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Project Orion - from the Age of Atomics

Discussion in 'Science and Technology' started by Bob the Unbeliever, Jul 11, 2019.

  1. Bob the Unbeliever

    Bob the Unbeliever Well-Known Member

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    Back in the day, when the US and the USSR were in a serious space race, in the early days, scientists seriously put forth a type of rocket that used small atom bombs as propulsion. Roughly 5 Kton each, these were to be ejected beneath (behind) the space craft, and the detonation would push against a very heavy, reinforced plate, driving the craft onward.

    As crazy as it sounds? It would work, and indeed, test models using ordinary chemical explosives worked exactly as calculated.

    President Kennedy was eventually presented the results of these early experiments and calculations, including a proposed "atomic space battleship" using the Orion engine to boost into orbit, a "battleship" sized space craft armed with nuclear missiles and bombs. This horrified Kennedy, and eventually the entire project was canceled. As much because of the Nuclear Test Ban Treaty that Kennedy signed as anything else-- the treaty banned detonation of atmospheric atomic bombs, which pretty much ended the fundamental process of Orion.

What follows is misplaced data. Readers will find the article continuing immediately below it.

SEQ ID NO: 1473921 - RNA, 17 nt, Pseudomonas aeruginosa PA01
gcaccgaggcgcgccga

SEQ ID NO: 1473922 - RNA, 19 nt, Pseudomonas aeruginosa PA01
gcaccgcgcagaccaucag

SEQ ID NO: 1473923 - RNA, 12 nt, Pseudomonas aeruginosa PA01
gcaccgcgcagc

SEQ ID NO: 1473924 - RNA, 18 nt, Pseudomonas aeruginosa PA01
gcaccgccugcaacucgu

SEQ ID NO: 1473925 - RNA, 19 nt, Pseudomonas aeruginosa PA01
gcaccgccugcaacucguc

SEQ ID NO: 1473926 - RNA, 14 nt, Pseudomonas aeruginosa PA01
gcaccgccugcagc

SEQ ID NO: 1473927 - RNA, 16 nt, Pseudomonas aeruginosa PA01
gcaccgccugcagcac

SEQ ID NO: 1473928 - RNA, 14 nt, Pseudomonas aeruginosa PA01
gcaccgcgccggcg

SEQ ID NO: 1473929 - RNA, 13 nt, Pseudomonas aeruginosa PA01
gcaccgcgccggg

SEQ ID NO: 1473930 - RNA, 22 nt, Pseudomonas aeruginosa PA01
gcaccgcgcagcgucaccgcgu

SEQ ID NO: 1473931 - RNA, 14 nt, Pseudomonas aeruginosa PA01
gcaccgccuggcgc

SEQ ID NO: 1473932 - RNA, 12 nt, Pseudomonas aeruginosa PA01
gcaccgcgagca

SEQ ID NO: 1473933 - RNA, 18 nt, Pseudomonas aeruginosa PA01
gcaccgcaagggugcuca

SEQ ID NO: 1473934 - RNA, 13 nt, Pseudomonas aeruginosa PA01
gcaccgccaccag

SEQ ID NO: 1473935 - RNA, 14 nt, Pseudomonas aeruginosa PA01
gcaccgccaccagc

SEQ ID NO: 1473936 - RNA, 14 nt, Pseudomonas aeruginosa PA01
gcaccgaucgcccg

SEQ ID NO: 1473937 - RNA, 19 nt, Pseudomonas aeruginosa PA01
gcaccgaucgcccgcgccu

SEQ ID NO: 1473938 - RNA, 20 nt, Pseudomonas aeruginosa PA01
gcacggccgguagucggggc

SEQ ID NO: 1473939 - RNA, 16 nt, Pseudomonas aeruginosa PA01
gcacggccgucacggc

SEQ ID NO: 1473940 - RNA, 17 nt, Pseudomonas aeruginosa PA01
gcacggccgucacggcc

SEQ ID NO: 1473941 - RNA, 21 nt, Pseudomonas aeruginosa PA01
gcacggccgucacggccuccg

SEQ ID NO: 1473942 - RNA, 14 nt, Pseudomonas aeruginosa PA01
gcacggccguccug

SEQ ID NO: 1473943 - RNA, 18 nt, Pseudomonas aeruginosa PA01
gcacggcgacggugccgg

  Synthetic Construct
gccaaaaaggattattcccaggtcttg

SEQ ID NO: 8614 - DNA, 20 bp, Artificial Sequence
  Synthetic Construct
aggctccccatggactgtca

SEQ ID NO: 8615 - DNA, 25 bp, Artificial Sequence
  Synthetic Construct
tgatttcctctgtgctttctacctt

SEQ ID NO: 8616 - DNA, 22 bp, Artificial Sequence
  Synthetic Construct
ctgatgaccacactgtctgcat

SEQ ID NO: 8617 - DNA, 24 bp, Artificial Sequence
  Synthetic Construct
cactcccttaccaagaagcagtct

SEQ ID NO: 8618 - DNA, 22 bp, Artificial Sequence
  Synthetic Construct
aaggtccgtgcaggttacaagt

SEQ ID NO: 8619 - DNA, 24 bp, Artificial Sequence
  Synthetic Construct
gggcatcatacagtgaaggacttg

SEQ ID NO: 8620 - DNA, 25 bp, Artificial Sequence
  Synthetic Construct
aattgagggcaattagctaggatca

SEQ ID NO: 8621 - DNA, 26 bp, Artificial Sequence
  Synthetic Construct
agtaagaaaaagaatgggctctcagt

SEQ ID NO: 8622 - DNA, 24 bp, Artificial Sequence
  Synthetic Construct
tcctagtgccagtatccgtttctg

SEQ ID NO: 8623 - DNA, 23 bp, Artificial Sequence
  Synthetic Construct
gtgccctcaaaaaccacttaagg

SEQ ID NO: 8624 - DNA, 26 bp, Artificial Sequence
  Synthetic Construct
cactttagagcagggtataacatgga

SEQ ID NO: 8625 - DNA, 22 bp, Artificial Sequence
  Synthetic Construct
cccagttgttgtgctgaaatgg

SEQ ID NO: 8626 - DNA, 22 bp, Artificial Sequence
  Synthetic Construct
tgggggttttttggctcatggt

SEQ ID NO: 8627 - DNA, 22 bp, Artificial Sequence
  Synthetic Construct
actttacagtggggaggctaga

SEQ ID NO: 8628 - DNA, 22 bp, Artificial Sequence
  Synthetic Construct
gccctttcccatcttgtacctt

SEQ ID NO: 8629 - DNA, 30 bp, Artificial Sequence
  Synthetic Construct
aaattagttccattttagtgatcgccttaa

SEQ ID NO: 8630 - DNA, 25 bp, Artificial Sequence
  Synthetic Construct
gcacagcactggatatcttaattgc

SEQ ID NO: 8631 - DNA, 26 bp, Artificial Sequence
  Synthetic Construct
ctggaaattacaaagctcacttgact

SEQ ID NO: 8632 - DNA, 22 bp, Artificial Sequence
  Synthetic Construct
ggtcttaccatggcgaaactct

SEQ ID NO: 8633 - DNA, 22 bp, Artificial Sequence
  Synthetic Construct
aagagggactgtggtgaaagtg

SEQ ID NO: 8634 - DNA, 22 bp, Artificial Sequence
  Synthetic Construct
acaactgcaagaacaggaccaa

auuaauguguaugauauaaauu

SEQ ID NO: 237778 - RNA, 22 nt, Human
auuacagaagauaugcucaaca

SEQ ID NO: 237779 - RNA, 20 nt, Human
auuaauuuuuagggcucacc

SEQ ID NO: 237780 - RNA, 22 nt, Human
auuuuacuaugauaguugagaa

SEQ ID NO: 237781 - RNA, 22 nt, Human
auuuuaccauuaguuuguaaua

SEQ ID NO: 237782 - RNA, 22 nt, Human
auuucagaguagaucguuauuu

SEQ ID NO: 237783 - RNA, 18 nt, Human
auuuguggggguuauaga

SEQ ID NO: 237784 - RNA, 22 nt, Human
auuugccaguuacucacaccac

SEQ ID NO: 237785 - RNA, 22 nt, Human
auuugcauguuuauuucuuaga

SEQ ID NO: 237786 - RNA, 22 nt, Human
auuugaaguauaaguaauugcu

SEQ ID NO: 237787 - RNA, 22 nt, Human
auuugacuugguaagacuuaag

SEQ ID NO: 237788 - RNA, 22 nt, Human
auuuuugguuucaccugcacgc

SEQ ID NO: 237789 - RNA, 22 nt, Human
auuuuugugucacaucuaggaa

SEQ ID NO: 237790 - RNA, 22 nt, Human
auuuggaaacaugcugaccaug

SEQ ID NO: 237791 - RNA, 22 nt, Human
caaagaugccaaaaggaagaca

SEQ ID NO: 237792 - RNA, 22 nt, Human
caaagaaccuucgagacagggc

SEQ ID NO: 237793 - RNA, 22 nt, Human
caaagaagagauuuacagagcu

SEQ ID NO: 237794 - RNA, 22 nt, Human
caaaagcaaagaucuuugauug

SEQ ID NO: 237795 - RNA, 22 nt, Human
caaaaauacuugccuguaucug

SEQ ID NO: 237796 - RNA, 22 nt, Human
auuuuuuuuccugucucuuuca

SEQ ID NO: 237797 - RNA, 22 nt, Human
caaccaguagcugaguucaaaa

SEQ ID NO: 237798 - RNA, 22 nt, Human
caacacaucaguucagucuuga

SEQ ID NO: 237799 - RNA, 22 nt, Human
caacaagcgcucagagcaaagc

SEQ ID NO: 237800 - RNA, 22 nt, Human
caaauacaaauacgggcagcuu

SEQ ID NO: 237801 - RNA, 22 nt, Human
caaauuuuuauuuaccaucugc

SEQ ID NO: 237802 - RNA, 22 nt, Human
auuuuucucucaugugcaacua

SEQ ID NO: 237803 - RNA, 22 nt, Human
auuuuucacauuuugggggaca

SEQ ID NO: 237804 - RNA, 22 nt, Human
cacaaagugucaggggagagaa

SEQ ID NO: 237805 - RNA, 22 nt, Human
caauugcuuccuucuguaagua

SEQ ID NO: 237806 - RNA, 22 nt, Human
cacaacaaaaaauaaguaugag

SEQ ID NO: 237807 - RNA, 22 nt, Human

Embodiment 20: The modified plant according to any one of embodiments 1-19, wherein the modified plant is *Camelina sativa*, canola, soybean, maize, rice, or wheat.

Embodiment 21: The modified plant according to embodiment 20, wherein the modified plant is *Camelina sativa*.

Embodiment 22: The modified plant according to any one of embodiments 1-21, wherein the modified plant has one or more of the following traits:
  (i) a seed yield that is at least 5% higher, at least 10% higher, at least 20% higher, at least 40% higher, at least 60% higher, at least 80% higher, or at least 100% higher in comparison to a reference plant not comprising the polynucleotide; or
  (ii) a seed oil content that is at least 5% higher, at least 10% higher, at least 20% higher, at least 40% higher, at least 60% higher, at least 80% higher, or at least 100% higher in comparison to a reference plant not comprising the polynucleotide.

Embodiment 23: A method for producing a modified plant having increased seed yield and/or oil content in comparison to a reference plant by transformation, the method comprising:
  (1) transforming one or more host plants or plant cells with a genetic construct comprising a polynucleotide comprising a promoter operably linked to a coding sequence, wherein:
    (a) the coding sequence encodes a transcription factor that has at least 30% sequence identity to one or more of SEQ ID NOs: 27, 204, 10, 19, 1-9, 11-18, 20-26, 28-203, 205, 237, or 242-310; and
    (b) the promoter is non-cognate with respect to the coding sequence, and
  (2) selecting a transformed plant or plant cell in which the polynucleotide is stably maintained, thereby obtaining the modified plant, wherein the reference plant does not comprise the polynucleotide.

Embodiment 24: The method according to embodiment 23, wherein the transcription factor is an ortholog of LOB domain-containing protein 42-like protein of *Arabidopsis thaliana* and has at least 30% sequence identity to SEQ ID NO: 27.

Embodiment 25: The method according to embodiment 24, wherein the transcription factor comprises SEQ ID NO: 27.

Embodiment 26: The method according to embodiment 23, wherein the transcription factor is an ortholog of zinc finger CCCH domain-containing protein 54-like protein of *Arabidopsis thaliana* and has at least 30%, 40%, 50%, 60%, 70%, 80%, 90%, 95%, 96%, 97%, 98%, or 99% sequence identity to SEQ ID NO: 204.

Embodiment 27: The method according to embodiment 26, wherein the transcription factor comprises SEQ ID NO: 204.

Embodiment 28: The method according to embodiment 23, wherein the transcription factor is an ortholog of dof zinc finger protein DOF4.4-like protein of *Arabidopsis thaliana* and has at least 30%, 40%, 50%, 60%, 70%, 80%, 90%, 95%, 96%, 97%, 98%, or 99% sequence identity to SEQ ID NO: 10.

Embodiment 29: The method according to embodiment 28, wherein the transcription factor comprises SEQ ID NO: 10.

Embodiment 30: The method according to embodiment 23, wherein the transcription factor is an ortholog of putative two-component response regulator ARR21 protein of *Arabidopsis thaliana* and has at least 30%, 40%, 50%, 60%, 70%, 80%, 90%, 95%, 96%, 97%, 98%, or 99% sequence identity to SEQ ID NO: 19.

Several novels of Note, returned to this technological idea, two of my favorites are Orion Shall Rise by Poul Anderson, and Footfall by Larry Niven and Jerry Pournelle.

    What inspired this post? Was a quite well done YouTube video:

     
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  2. Revoltingest

    Revoltingest Greased up & ready for action!
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    I gave you a rating of <informative> because <horrifying> wasn't available.
     
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  3. beenherebeforeagain

    beenherebeforeagain Rogue Animist
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    Ah, yes! The Age of Technological Optimism! The era when nuclear power was going to solve all of humanity's problems, and we'd all be bright and shiny...and glow at night...
     
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  4. Bob the Unbeliever

    Bob the Unbeliever Well-Known Member